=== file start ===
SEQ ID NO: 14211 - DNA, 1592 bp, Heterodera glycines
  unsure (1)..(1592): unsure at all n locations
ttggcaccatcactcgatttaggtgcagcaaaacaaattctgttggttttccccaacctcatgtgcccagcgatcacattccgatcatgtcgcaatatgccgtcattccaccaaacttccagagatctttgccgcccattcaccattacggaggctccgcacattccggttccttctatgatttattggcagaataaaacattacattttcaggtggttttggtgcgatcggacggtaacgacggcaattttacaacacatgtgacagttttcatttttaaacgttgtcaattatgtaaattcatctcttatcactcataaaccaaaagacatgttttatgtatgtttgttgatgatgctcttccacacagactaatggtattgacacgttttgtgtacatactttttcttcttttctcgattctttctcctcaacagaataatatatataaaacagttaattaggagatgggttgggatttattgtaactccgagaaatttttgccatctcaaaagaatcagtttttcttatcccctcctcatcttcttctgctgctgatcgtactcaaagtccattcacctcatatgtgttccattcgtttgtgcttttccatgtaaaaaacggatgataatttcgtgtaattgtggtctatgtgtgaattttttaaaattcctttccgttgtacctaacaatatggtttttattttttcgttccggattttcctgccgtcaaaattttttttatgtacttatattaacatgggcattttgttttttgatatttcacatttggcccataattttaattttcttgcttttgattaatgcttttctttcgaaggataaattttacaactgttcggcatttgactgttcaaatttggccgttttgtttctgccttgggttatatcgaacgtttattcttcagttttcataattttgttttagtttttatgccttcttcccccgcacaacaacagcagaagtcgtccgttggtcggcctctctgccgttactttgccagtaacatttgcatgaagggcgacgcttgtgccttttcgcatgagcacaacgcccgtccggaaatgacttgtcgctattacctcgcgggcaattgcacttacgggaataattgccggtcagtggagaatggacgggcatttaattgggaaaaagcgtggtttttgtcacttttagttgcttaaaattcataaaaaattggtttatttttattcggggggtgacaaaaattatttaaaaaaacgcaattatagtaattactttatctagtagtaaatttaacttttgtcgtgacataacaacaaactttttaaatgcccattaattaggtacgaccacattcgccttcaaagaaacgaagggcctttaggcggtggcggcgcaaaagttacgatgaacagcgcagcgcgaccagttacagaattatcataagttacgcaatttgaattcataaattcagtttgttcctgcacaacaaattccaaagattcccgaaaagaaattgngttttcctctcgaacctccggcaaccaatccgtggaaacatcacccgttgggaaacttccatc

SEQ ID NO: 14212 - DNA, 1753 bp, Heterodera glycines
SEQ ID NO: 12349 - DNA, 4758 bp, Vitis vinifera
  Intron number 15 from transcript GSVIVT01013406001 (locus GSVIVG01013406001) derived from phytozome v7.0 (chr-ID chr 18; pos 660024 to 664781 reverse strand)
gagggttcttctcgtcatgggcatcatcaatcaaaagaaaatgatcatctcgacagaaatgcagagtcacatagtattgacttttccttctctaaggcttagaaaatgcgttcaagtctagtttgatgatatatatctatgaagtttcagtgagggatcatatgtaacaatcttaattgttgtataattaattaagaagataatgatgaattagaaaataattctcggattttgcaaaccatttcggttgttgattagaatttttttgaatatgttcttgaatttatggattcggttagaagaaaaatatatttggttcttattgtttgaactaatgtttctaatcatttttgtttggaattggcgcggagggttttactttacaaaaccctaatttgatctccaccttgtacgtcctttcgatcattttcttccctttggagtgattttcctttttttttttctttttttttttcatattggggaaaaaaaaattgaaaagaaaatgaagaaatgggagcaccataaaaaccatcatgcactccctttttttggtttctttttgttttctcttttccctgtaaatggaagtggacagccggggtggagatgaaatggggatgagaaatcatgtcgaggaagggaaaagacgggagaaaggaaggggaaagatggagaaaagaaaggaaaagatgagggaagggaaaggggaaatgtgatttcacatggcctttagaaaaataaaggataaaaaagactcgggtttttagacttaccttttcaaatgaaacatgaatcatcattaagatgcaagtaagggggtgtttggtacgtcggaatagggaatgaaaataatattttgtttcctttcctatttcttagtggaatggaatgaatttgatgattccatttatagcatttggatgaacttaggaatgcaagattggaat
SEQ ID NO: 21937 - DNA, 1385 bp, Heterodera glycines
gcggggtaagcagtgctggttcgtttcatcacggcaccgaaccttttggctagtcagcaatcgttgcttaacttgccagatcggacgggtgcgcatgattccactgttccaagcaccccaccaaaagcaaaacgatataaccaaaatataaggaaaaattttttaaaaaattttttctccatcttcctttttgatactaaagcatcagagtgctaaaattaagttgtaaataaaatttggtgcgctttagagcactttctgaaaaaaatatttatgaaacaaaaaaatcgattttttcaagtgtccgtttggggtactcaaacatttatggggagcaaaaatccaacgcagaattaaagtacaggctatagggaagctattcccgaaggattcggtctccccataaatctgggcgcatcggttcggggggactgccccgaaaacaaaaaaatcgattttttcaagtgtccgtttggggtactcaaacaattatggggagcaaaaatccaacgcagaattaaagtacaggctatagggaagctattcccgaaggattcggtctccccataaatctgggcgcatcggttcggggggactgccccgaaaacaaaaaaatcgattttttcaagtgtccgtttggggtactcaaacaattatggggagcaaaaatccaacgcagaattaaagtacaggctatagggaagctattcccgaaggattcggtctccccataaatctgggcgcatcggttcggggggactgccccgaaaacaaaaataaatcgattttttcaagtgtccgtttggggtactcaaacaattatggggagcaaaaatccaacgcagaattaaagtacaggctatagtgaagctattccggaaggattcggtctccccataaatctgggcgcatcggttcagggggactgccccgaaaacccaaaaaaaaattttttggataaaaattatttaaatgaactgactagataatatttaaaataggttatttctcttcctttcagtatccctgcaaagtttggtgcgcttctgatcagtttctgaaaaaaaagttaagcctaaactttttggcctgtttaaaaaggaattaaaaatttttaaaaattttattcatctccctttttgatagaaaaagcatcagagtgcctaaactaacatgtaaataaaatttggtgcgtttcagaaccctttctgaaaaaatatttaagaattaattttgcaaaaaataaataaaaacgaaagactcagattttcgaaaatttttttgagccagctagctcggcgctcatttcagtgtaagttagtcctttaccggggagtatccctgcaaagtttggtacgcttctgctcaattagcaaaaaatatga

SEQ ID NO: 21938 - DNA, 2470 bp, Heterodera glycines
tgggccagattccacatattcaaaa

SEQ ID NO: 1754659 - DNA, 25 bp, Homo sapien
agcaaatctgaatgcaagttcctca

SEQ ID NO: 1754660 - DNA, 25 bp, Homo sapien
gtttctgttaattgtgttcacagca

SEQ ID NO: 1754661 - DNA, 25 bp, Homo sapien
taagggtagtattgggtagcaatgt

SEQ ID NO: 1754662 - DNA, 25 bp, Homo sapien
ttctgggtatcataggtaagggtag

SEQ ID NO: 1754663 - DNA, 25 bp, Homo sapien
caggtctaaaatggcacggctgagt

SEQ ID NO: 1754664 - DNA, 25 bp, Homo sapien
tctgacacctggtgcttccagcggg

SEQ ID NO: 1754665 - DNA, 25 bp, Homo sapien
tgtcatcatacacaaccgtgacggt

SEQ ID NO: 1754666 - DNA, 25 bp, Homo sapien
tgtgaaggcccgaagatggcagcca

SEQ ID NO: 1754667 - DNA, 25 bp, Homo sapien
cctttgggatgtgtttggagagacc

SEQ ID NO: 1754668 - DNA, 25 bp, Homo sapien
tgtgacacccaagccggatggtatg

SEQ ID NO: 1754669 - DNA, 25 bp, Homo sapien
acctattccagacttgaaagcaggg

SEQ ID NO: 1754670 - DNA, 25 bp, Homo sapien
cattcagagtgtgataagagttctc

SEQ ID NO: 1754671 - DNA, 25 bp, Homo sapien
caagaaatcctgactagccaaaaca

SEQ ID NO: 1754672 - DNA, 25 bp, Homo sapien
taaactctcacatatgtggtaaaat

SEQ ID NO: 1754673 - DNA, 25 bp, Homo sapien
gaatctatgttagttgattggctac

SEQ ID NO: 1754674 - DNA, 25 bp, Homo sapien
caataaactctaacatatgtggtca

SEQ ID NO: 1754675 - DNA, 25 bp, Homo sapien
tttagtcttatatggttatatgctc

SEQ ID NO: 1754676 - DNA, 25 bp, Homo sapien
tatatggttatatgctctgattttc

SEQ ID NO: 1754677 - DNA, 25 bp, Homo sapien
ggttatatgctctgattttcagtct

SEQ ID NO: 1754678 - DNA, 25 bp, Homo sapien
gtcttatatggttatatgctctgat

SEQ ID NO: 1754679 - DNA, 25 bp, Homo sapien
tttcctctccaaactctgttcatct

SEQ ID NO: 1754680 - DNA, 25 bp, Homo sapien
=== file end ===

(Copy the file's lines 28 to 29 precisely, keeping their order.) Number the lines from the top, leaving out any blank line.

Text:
SEQ ID NO: 1754667 - DNA, 25 bp, Homo sapien
cctttgggatgtgtttggagagacc